The Negative Impact Of Climate Change On Human Health

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According to the United Nations Industrial Development Organization (UNIDO), climate change is likely to have a greater impact on India compared to other countries similarly positioned, on account of the unique combination of its geography, diverse population characteristics and extremely high carbon-related energy dependence.
The question is, how will the changing climate affect our health? Climate change can have both direct and indirect human health impacts. Indirect impacts arise from changes in temperature patterns, which may disturb natural ecosystems, change the ecology of infectious diseases, harm agriculture and fresh water supplies, exacerbate air pollution levels, and cause large-scale reorganization of plant and animal communities.
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This strategy is urgently needed, both because the health community has a duty to counter emerging threats, and because increased attention to climate change offers opportunities to focus on the most disadvantaged populations’ current needs. For example, the international community has agreed on the principle of a global climate change adaptation fund, funded by a 2% levy on a multibillion-dollar Clean Development Mechanism.6 However, this opportunity to strengthen public health can be seized only if the health sector knows what it should do differently because of climate change. The development of a comprehensive strategy will take time, but some essential principles are already clear. A global problem requires a strategy of international dimensions that can translate into regional and local actions. Just as climate change’s underlying causes are global, its health implications do not respect national boundaries. Impacts in one location, such as infectious disease epidemics or population displacements caused by droughts or rising sea levels, quickly spread across national borders. Coordinated investments in preventive measures therefore contribute to the…show more content…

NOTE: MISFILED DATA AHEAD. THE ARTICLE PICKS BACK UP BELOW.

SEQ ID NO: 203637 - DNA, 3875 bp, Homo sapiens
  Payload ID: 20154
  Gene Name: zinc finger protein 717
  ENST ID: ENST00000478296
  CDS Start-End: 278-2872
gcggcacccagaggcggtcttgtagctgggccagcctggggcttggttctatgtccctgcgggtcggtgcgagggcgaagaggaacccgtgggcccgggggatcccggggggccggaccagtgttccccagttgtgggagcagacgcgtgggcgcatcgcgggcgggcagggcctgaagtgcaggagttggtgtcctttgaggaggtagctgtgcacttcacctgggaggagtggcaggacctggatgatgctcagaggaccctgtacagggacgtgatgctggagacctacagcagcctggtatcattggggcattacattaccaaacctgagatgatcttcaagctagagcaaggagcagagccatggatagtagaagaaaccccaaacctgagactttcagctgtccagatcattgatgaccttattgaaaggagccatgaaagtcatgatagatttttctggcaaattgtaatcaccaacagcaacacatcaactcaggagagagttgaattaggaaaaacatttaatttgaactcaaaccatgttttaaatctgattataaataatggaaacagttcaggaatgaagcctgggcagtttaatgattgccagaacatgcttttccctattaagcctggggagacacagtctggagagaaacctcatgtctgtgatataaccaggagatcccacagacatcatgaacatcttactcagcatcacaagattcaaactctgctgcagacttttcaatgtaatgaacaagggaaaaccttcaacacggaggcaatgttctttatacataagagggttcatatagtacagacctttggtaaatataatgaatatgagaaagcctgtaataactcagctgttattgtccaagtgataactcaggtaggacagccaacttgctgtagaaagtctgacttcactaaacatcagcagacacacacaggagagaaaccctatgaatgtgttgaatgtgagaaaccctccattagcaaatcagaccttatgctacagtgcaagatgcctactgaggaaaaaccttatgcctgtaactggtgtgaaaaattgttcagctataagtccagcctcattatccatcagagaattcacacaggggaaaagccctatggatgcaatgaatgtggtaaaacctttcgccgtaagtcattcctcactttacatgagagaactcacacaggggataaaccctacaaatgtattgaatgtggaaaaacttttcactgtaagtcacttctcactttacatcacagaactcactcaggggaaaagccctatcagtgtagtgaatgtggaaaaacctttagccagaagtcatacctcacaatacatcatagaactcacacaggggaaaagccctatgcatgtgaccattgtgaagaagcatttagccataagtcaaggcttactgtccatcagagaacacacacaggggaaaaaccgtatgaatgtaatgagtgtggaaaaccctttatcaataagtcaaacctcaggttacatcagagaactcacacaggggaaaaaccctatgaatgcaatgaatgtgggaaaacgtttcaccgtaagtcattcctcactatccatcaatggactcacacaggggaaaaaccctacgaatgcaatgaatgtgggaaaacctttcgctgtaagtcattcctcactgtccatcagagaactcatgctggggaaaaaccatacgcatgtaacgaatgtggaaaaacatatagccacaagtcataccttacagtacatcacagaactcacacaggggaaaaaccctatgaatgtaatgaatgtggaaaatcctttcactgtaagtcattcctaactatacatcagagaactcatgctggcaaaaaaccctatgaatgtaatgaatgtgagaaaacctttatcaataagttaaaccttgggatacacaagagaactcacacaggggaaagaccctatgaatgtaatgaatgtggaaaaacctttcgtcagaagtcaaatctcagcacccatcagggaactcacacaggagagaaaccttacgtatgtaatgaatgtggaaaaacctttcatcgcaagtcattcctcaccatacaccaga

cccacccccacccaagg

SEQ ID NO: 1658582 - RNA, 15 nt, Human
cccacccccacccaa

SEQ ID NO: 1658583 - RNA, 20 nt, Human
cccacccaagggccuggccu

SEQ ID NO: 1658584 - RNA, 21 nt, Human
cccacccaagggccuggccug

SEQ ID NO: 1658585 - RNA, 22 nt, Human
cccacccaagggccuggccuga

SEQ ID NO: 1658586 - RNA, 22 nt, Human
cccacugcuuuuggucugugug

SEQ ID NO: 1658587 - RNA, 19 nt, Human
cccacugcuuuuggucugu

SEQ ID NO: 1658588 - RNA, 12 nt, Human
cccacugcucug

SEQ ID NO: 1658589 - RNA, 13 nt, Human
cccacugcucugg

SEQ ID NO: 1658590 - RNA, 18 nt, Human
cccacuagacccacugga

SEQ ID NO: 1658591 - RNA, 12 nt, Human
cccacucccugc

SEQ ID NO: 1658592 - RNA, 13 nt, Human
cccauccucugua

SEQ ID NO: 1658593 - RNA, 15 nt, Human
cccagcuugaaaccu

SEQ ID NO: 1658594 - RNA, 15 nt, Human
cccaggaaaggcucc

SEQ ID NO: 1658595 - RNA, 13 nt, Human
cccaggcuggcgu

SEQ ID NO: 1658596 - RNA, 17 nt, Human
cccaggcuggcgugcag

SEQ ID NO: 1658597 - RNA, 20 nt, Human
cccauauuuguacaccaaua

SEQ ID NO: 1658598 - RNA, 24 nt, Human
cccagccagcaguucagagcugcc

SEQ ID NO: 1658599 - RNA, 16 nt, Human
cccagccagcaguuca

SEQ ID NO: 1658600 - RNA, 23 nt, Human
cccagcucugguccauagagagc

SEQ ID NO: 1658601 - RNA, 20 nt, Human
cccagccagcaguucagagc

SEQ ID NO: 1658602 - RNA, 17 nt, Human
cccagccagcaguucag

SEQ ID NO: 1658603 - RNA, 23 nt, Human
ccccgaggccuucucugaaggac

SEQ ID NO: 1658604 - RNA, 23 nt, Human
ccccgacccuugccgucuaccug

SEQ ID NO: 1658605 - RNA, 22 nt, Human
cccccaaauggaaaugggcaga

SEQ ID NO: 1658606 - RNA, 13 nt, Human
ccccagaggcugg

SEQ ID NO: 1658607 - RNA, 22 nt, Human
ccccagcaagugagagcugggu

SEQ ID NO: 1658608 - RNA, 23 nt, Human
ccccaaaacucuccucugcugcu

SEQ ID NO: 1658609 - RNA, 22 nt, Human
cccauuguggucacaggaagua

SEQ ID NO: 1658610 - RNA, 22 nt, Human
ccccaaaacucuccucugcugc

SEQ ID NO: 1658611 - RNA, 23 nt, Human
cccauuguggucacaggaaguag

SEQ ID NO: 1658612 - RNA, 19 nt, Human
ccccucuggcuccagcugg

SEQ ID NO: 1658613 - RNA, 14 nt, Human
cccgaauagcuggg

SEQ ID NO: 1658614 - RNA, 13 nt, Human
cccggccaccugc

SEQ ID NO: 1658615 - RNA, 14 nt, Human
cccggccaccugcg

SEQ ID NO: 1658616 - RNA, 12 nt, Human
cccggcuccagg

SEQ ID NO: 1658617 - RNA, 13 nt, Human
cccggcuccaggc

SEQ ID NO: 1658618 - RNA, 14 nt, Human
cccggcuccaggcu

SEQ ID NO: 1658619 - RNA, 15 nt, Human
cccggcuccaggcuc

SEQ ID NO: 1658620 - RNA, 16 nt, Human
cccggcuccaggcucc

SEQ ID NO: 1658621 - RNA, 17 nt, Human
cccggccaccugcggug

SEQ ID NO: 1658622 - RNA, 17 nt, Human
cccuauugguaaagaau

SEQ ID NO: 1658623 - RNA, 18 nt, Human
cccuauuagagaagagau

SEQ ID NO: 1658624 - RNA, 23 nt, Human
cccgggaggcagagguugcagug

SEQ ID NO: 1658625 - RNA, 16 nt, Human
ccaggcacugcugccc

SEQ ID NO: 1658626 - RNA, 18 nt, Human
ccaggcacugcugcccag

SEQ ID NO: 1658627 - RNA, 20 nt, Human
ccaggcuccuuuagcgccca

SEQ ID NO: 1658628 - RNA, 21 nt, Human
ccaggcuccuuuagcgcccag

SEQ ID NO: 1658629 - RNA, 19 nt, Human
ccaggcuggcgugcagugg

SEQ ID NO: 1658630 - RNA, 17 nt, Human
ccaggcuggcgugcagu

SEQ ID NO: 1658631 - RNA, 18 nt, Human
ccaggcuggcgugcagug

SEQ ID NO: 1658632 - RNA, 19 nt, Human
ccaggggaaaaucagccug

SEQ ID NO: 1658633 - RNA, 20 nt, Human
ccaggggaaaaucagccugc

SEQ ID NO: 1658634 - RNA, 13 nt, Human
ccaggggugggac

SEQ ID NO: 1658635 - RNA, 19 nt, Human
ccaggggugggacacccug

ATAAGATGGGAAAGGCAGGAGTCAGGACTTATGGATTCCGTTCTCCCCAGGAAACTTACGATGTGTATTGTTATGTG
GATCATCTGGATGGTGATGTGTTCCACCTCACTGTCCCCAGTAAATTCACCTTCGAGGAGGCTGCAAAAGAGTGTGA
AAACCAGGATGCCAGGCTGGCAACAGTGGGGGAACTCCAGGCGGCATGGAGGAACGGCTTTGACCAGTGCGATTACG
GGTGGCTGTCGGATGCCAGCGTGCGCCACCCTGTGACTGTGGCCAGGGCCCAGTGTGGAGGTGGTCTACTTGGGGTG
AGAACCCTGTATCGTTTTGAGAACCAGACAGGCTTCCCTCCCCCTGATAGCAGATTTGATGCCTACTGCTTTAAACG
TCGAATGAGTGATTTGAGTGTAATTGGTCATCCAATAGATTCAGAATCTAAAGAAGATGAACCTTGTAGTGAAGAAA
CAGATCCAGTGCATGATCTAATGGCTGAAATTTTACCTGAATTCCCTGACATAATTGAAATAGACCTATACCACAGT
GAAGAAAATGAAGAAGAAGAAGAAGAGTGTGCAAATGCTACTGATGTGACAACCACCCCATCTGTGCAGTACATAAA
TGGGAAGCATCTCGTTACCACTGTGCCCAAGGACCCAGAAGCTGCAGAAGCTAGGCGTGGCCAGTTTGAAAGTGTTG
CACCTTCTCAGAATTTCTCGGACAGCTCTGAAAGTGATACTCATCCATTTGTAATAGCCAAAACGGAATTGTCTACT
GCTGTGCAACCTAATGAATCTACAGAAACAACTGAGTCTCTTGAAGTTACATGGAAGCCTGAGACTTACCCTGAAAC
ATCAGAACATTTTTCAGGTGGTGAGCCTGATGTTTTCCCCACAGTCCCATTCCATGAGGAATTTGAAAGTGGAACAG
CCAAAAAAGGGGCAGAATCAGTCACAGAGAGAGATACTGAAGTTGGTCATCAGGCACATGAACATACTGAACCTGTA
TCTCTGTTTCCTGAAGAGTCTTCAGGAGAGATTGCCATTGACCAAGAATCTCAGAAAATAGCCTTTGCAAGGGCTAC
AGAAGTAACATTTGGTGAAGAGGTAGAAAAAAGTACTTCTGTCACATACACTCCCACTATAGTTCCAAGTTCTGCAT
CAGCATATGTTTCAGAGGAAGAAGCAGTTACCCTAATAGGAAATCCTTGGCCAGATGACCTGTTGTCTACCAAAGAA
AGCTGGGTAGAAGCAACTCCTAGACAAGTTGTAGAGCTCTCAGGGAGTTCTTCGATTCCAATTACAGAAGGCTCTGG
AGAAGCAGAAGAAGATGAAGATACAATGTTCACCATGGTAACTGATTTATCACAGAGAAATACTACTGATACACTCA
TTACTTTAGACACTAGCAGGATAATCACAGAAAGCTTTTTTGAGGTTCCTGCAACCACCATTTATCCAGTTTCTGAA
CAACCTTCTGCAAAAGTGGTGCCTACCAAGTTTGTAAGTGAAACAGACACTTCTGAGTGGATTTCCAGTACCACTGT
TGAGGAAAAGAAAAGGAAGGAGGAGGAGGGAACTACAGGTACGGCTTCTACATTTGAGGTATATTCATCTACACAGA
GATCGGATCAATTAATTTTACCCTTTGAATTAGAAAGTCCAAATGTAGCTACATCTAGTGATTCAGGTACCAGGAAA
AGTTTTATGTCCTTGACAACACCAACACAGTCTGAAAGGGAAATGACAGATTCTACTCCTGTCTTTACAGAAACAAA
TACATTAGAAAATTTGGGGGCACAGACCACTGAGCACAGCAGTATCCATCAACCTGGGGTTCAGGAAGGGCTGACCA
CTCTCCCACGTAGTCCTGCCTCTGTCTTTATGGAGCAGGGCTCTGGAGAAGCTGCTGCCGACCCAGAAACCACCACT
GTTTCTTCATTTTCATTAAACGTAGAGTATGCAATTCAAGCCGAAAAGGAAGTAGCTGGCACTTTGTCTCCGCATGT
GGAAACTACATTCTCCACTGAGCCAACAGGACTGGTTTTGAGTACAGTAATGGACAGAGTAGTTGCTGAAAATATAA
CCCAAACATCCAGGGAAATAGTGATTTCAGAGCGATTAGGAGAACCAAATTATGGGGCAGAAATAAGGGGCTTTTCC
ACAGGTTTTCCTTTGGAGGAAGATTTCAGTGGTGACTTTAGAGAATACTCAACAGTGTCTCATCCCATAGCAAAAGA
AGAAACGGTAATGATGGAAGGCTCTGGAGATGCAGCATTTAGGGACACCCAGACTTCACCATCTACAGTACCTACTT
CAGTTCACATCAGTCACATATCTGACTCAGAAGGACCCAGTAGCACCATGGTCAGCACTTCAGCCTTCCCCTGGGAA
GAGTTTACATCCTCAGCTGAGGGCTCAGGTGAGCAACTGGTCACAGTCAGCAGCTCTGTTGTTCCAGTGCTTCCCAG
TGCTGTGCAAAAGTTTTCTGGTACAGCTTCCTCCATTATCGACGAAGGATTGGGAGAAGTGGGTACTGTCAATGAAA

Climate change has adverse consequences for health: as carbon goes up health goes down
2. Estimates around 150,000 deaths now occur in low-income countries each year due to climate change from four climate-sensitive health outcomes – crop failure and malnutrition, malaria and flooding.
3. Many of the major killers such as diarrheal diseases, malnutrition, malaria and dengue are highly climate-sensitive and are expected to worsen as the climate changes.
4. Areas with weak health infrastructure – mostly in developing countries – will be the least able to cope without assistance to prepare and respond.
5. Reducing emissions of greenhouse gases through better transport, food and energy-use choices can result in improved health.
6. The overall health effects of a changing climate are likely to be overwhelmingly negative. Climate change affects the fundamental requirements for health – clean air, safe drinking water, sufficient food and secure shelter.
7. High temperatures also raise the levels of ozone and other pollutants in the air that exacerbate cardiovascular and respiratory disease. Urban air pollution causes about 1.2 million deaths every
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